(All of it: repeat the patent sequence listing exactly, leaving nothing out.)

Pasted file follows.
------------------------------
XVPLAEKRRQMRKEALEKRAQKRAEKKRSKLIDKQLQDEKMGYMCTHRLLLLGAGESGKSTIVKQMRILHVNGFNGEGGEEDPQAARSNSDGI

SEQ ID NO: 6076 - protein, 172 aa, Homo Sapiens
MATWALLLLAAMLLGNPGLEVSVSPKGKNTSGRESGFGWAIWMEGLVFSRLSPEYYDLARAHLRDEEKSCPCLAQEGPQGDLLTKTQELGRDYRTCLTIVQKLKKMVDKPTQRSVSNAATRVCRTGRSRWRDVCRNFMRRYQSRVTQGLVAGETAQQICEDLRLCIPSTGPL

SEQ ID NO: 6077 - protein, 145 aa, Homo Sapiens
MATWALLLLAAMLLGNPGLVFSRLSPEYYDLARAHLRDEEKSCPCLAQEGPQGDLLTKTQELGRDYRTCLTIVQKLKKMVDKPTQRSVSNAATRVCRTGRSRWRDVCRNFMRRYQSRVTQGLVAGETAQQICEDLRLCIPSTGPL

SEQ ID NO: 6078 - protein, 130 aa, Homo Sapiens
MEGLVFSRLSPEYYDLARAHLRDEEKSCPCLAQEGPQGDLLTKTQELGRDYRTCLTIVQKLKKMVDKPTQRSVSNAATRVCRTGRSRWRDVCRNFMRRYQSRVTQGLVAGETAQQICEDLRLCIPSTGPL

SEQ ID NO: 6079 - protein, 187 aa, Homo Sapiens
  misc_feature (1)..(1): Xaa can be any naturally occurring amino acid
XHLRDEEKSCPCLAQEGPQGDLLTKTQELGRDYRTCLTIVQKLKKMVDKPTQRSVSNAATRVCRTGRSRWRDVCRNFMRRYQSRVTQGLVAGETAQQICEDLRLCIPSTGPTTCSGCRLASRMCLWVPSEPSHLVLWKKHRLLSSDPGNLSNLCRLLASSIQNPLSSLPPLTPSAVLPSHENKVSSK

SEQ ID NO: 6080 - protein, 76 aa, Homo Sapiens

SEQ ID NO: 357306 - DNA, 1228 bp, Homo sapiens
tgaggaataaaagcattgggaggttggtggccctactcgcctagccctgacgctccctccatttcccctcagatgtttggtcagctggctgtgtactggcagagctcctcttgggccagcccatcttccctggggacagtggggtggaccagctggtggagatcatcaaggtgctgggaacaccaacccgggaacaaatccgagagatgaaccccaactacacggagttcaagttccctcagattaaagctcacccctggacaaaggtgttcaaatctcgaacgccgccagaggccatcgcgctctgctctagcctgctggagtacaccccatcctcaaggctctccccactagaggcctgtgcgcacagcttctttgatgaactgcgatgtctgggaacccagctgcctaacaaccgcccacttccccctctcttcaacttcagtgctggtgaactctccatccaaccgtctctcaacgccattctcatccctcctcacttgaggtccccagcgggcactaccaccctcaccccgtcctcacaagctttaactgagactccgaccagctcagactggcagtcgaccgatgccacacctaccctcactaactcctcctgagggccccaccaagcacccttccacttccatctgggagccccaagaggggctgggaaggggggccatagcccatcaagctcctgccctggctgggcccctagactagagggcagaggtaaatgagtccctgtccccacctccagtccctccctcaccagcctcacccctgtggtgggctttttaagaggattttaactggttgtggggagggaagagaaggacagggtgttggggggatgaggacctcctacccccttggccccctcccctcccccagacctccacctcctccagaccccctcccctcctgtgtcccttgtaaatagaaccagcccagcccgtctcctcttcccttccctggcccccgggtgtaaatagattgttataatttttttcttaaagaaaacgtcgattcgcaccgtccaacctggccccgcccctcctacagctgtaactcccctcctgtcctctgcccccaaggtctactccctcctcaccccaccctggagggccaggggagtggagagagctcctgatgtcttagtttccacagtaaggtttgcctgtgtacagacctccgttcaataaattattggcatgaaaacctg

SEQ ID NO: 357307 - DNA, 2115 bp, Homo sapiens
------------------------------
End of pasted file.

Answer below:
XVPLAEKRRQMRKEALEKRAQKRAEKKRSKLIDKQLQDEKMGYMCTHRLLLLGAGESGKSTIVKQMRILHVNGFNGEGGEEDPQAARSNSDGI

SEQ ID NO: 6076 - protein, 172 aa, Homo Sapiens
MATWALLLLAAMLLGNPGLEVSVSPKGKNTSGRESGFGWAIWMEGLVFSRLSPEYYDLARAHLRDEEKSCPCLAQEGPQGDLLTKTQELGRDYRTCLTIVQKLKKMVDKPTQRSVSNAATRVCRTGRSRWRDVCRNFMRRYQSRVTQGLVAGETAQQICEDLRLCIPSTGPL

SEQ ID NO: 6077 - protein, 145 aa, Homo Sapiens
MATWALLLLAAMLLGNPGLVFSRLSPEYYDLARAHLRDEEKSCPCLAQEGPQGDLLTKTQELGRDYRTCLTIVQKLKKMVDKPTQRSVSNAATRVCRTGRSRWRDVCRNFMRRYQSRVTQGLVAGETAQQICEDLRLCIPSTGPL

SEQ ID NO: 6078 - protein, 130 aa, Homo Sapiens
MEGLVFSRLSPEYYDLARAHLRDEEKSCPCLAQEGPQGDLLTKTQELGRDYRTCLTIVQKLKKMVDKPTQRSVSNAATRVCRTGRSRWRDVCRNFMRRYQSRVTQGLVAGETAQQICEDLRLCIPSTGPL

SEQ ID NO: 6079 - protein, 187 aa, Homo Sapiens
  misc_feature (1)..(1): Xaa can be any naturally occurring amino acid
XHLRDEEKSCPCLAQEGPQGDLLTKTQELGRDYRTCLTIVQKLKKMVDKPTQRSVSNAATRVCRTGRSRWRDVCRNFMRRYQSRVTQGLVAGETAQQICEDLRLCIPSTGPTTCSGCRLASRMCLWVPSEPSHLVLWKKHRLLSSDPGNLSNLCRLLASSIQNPLSSLPPLTPSAVLPSHENKVSSK

SEQ ID NO: 6080 - protein, 76 aa, Homo Sapiens

SEQ ID NO: 357306 - DNA, 1228 bp, Homo sapiens
tgaggaataaaagcattgggaggttggtggccctactcgcctagccctgacgctccctccatttcccctcagatgtttggtcagctggctgtgtactggcagagctcctcttgggccagcccatcttccctggggacagtggggtggaccagctggtggagatcatcaaggtgctgggaacaccaacccgggaacaaatccgagagatgaaccccaactacacggagttcaagttccctcagattaaagctcacccctggacaaaggtgttcaaatctcgaacgccgccagaggccatcgcgctctgctctagcctgctggagtacaccccatcctcaaggctctccccactagaggcctgtgcgcacagcttctttgatgaactgcgatgtctgggaacccagctgcctaacaaccgcccacttccccctctcttcaacttcagtgctggtgaactctccatccaaccgtctctcaacgccattctcatccctcctcacttgaggtccccagcgggcactaccaccctcaccccgtcctcacaagctttaactgagactccgaccagctcagactggcagtcgaccgatgccacacctaccctcactaactcctcctgagggccccaccaagcacccttccacttccatctgggagccccaagaggggctgggaaggggggccatagcccatcaagctcctgccctggctgggcccctagactagagggcagaggtaaatgagtccctgtccccacctccagtccctccctcaccagcctcacccctgtggtgggctttttaagaggattttaactggttgtggggagggaagagaaggacagggtgttggggggatgaggacctcctacccccttggccccctcccctcccccagacctccacctcctccagaccccctcccctcctgtgtcccttgtaaatagaaccagcccagcccgtctcctcttcccttccctggcccccgggtgtaaatagattgttataatttttttcttaaagaaaacgtcgattcgcaccgtccaacctggccccgcccctcctacagctgtaactcccctcctgtcctctgcccccaaggtctactccctcctcaccccaccctggagggccaggggagtggagagagctcctgatgtcttagtttccacagtaaggtttgcctgtgtacagacctccgttcaataaattattggcatgaaaacctg

SEQ ID NO: 357307 - DNA, 2115 bp, Homo sapiens